Gray wolves are back on the endangered list
Gray wolves have been put back on the endangered species list.
For these reasons, IT IS HEREBY ORDERED that Plaintiffs’ Motion for Preliminary Injunction (dkt #2) is GRANTED. Endangered Species Act protections are hereby reinstated for the northern Rocky Mountain gray wolf pending final resolution of this matter on the merits.
Dated this 18 day of July, 2008, 16:04 p.m.
Wolves were removed from the endangered species list this past March, but environmentalists fought to have the decision overturned..
The region has an estimated 2,000 gray wolves. They were removed from the endangered species list in March, following a decade-long restoration effort.
Environmentalists sued to overturn the decision, arguing wolf numbers would plummet if hunting were allowed. They sought the injunction in the hopes of stopping the hunts and allowing the wolf population to continue expanding.
"There were fall hunts scheduled that would call for perhaps as many as 500 wolves to be killed. We're delighted those wolves will be saved," said attorney Doug Honnold with Earthjustice, who had argued the case before Molloy on behalf of 12 environmental groups.
Since the wolves are now protected again, Wyoming, Idaho and Montana will have to hold off on their public wolf hunt this year.
A federal judge has restored protection under the U.S. Endangered Species Act for gray wolves in the northern Rocky Mountains, derailing plans by three states to hold public wolf hunts this fall.
U.S. District Judge Donald Molloy in Missoula, Montana, granted a preliminary injunction late Friday restoring federal protection for wolves in Montana, Wyoming, and Idaho.
Molloy will eventually decide whether the injunction should be permanent.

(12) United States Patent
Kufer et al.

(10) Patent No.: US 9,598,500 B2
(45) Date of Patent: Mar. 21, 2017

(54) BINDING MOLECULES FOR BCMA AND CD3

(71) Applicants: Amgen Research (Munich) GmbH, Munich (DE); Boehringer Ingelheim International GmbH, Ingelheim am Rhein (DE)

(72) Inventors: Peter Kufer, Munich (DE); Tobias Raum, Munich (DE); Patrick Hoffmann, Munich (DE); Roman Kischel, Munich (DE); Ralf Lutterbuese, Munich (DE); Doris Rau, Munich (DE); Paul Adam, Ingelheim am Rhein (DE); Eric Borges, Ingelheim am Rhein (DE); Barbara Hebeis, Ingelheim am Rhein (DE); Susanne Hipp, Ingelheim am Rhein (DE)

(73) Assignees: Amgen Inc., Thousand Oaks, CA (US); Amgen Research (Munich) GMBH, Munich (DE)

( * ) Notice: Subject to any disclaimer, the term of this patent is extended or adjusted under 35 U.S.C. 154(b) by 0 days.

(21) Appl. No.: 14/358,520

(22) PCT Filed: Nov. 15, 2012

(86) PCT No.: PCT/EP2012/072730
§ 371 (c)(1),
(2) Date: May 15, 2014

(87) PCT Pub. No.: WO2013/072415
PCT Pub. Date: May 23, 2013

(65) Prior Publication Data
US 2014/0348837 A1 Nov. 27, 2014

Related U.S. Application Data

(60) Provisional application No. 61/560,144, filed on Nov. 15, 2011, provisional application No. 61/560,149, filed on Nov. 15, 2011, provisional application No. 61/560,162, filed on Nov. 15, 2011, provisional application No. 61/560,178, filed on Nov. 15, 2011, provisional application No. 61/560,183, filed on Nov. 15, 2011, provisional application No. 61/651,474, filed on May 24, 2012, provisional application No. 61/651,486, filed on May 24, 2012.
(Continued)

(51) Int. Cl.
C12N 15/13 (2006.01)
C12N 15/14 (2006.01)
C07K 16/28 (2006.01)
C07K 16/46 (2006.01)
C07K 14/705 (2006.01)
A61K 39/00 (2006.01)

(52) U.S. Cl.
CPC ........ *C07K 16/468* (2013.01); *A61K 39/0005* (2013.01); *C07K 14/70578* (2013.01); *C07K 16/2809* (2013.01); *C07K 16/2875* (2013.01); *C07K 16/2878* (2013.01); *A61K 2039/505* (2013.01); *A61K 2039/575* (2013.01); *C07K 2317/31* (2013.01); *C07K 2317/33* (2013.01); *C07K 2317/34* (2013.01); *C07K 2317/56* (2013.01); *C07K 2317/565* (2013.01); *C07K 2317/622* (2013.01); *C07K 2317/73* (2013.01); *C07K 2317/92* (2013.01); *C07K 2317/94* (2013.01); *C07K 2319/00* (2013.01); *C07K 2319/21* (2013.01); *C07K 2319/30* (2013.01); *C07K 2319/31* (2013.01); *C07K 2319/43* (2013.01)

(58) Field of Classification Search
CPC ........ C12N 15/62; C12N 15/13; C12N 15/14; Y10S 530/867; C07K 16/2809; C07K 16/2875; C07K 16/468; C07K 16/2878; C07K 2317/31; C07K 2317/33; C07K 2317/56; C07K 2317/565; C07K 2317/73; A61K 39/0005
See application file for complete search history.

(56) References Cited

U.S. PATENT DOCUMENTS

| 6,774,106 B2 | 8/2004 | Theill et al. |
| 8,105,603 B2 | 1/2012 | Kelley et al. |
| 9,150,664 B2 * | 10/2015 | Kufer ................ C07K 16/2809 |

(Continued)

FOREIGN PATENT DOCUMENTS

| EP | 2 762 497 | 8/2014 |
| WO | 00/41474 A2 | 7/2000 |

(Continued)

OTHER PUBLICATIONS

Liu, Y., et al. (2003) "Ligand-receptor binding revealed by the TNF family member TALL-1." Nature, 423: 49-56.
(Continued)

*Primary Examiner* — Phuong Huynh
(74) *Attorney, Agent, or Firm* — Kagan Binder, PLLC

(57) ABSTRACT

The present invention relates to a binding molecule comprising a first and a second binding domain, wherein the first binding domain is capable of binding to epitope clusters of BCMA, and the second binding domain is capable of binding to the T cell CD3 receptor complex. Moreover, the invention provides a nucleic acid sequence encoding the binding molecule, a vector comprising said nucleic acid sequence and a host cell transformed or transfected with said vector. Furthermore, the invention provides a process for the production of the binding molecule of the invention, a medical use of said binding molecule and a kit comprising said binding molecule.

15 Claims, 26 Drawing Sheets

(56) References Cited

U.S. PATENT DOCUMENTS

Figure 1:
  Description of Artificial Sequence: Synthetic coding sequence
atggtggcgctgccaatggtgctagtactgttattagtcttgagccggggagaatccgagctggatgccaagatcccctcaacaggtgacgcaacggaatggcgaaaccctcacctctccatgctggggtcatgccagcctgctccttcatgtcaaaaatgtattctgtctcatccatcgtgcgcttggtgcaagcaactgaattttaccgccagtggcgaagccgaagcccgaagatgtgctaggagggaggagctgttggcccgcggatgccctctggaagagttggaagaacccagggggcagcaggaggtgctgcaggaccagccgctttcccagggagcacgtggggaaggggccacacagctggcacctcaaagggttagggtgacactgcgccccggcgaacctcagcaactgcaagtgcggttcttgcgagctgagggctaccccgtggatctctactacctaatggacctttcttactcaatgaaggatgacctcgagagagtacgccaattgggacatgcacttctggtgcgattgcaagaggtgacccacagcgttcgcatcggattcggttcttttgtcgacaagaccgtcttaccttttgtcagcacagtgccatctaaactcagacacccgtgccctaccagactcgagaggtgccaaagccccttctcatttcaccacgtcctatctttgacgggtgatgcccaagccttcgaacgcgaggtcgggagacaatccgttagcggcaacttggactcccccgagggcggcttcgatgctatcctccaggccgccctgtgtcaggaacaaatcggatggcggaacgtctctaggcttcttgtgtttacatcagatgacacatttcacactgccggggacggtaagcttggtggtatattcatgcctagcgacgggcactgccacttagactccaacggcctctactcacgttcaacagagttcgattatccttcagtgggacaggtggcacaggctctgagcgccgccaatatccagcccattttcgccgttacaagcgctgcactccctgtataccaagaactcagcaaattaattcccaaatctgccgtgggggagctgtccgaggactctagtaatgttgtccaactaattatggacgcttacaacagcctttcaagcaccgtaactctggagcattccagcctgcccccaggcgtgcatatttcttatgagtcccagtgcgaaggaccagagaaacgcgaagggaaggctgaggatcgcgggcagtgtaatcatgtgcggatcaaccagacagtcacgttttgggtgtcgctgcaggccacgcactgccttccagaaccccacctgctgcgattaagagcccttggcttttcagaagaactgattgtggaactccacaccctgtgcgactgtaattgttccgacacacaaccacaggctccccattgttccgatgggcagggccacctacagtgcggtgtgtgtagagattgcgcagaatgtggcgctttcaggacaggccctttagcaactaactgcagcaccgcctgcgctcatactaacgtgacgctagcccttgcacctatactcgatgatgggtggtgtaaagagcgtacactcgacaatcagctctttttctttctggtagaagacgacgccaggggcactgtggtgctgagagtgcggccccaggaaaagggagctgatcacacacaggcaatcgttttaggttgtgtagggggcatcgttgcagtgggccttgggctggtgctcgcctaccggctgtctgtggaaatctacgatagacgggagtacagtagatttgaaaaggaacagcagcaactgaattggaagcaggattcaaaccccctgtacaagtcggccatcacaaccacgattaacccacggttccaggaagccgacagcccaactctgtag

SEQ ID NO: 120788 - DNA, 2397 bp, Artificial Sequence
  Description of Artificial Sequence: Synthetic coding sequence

Early settlers had eradicated wolves from the area, but in the mid-1990s the federal government reintroduced 66 animals as part of a controversial program.
The argument concludes with the claim that a preliminary injunction is necessary because wolves are not likely to survive the increased incidents of human-caused
mortality that will occur under state management.
Those who supported the decision last March to remove them from the list could possibly appeal this new ruling.
Ed Bangs, the U.S. Fish and Wildlife Service biologist who led the wolf restoration program, defended the decision to delist the northern Rockies wolves as "a very biologically sound package."
"The kind of hunting proposed by the states wouldn't threaten the wolf population," Bangs said.
"We felt the science was rock solid and that the delisting was warranted."
Bangs said government attorneys were reviewing Molloy's court order and would decide next week whether to file with the Ninth U.S. Circuit Court of Appeals.
Federal and state officials had argued killing some wolves would not endanger the overall population—as long as numbers did not dip below 300 individuals.
With increasing conflicts between wolves and livestock, officials said, public hunts were crucial to keeping the predators' population in check.
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